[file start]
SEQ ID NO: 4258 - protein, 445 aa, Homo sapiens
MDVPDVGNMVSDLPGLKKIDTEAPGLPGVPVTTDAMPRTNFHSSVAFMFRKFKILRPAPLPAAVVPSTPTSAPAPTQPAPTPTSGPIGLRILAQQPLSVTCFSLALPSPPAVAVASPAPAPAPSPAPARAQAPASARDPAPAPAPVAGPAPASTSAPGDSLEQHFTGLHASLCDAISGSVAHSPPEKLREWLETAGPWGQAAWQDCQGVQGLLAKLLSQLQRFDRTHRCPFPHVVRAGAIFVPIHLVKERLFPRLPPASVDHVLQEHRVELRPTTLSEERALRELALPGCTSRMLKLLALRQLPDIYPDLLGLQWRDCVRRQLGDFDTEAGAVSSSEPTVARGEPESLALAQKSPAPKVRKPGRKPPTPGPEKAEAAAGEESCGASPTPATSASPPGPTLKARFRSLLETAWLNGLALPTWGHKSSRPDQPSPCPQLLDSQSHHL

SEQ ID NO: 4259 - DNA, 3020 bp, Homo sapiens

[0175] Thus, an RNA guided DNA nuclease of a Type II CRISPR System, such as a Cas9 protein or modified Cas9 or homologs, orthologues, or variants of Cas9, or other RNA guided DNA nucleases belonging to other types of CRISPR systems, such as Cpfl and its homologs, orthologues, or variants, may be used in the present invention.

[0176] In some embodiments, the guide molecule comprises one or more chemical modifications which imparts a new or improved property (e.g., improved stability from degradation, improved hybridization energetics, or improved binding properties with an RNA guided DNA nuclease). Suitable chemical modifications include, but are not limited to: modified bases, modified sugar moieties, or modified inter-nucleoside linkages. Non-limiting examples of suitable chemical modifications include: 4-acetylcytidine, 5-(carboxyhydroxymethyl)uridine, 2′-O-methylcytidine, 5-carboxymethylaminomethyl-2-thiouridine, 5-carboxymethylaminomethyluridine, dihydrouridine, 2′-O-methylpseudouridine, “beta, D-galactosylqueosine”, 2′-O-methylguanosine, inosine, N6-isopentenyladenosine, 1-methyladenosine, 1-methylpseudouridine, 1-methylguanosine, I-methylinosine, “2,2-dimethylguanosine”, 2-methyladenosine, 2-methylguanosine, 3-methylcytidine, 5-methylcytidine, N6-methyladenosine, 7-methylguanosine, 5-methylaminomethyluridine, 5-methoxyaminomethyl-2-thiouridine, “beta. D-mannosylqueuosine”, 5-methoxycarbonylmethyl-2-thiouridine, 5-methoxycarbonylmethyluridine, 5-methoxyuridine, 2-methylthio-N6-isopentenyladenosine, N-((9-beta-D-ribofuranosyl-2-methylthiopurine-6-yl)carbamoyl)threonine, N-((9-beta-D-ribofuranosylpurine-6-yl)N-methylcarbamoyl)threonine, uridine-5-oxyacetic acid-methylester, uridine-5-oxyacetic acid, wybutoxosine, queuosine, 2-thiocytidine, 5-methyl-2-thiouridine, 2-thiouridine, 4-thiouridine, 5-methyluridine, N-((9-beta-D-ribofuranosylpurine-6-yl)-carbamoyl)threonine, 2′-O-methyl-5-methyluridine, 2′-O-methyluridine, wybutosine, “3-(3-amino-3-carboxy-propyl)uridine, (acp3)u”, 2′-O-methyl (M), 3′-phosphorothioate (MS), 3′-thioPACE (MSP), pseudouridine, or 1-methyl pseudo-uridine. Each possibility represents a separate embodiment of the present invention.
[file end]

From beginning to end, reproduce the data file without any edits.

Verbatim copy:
SEQ ID NO: 4258 - protein, 445 aa, Homo sapiens
MDVPDVGNMVSDLPGLKKIDTEAPGLPGVPVTTDAMPRTNFHSSVAFMFRKFKILRPAPLPAAVVPSTPTSAPAPTQPAPTPTSGPIGLRILAQQPLSVTCFSLALPSPPAVAVASPAPAPAPSPAPARAQAPASARDPAPAPAPVAGPAPASTSAPGDSLEQHFTGLHASLCDAISGSVAHSPPEKLREWLETAGPWGQAAWQDCQGVQGLLAKLLSQLQRFDRTHRCPFPHVVRAGAIFVPIHLVKERLFPRLPPASVDHVLQEHRVELRPTTLSEERALRELALPGCTSRMLKLLALRQLPDIYPDLLGLQWRDCVRRQLGDFDTEAGAVSSSEPTVARGEPESLALAQKSPAPKVRKPGRKPPTPGPEKAEAAAGEESCGASPTPATSASPPGPTLKARFRSLLETAWLNGLALPTWGHKSSRPDQPSPCPQLLDSQSHHL

SEQ ID NO: 4259 - DNA, 3020 bp, Homo sapiens

[0175] Thus, an RNA guided DNA nuclease of a Type II CRISPR System, such as a Cas9 protein or modified Cas9 or homologs, orthologues, or variants of Cas9, or other RNA guided DNA nucleases belonging to other types of CRISPR systems, such as Cpfl and its homologs, orthologues, or variants, may be used in the present invention.

[0176] In some embodiments, the guide molecule comprises one or more chemical modifications which imparts a new or improved property (e.g., improved stability from degradation, improved hybridization energetics, or improved binding properties with an RNA guided DNA nuclease). Suitable chemical modifications include, but are not limited to: modified bases, modified sugar moieties, or modified inter-nucleoside linkages. Non-limiting examples of suitable chemical modifications include: 4-acetylcytidine, 5-(carboxyhydroxymethyl)uridine, 2′-O-methylcytidine, 5-carboxymethylaminomethyl-2-thiouridine, 5-carboxymethylaminomethyluridine, dihydrouridine, 2′-O-methylpseudouridine, “beta, D-galactosylqueosine”, 2′-O-methylguanosine, inosine, N6-isopentenyladenosine, 1-methyladenosine, 1-methylpseudouridine, 1-methylguanosine, I-methylinosine, “2,2-dimethylguanosine”, 2-methyladenosine, 2-methylguanosine, 3-methylcytidine, 5-methylcytidine, N6-methyladenosine, 7-methylguanosine, 5-methylaminomethyluridine, 5-methoxyaminomethyl-2-thiouridine, “beta. D-mannosylqueuosine”, 5-methoxycarbonylmethyl-2-thiouridine, 5-methoxycarbonylmethyluridine, 5-methoxyuridine, 2-methylthio-N6-isopentenyladenosine, N-((9-beta-D-ribofuranosyl-2-methylthiopurine-6-yl)carbamoyl)threonine, N-((9-beta-D-ribofuranosylpurine-6-yl)N-methylcarbamoyl)threonine, uridine-5-oxyacetic acid-methylester, uridine-5-oxyacetic acid, wybutoxosine, queuosine, 2-thiocytidine, 5-methyl-2-thiouridine, 2-thiouridine, 4-thiouridine, 5-methyluridine, N-((9-beta-D-ribofuranosylpurine-6-yl)-carbamoyl)threonine, 2′-O-methyl-5-methyluridine, 2′-O-methyluridine, wybutosine, “3-(3-amino-3-carboxy-propyl)uridine, (acp3)u”, 2′-O-methyl (M), 3′-phosphorothioate (MS), 3′-thioPACE (MSP), pseudouridine, or 1-methyl pseudo-uridine. Each possibility represents a separate embodiment of the present invention.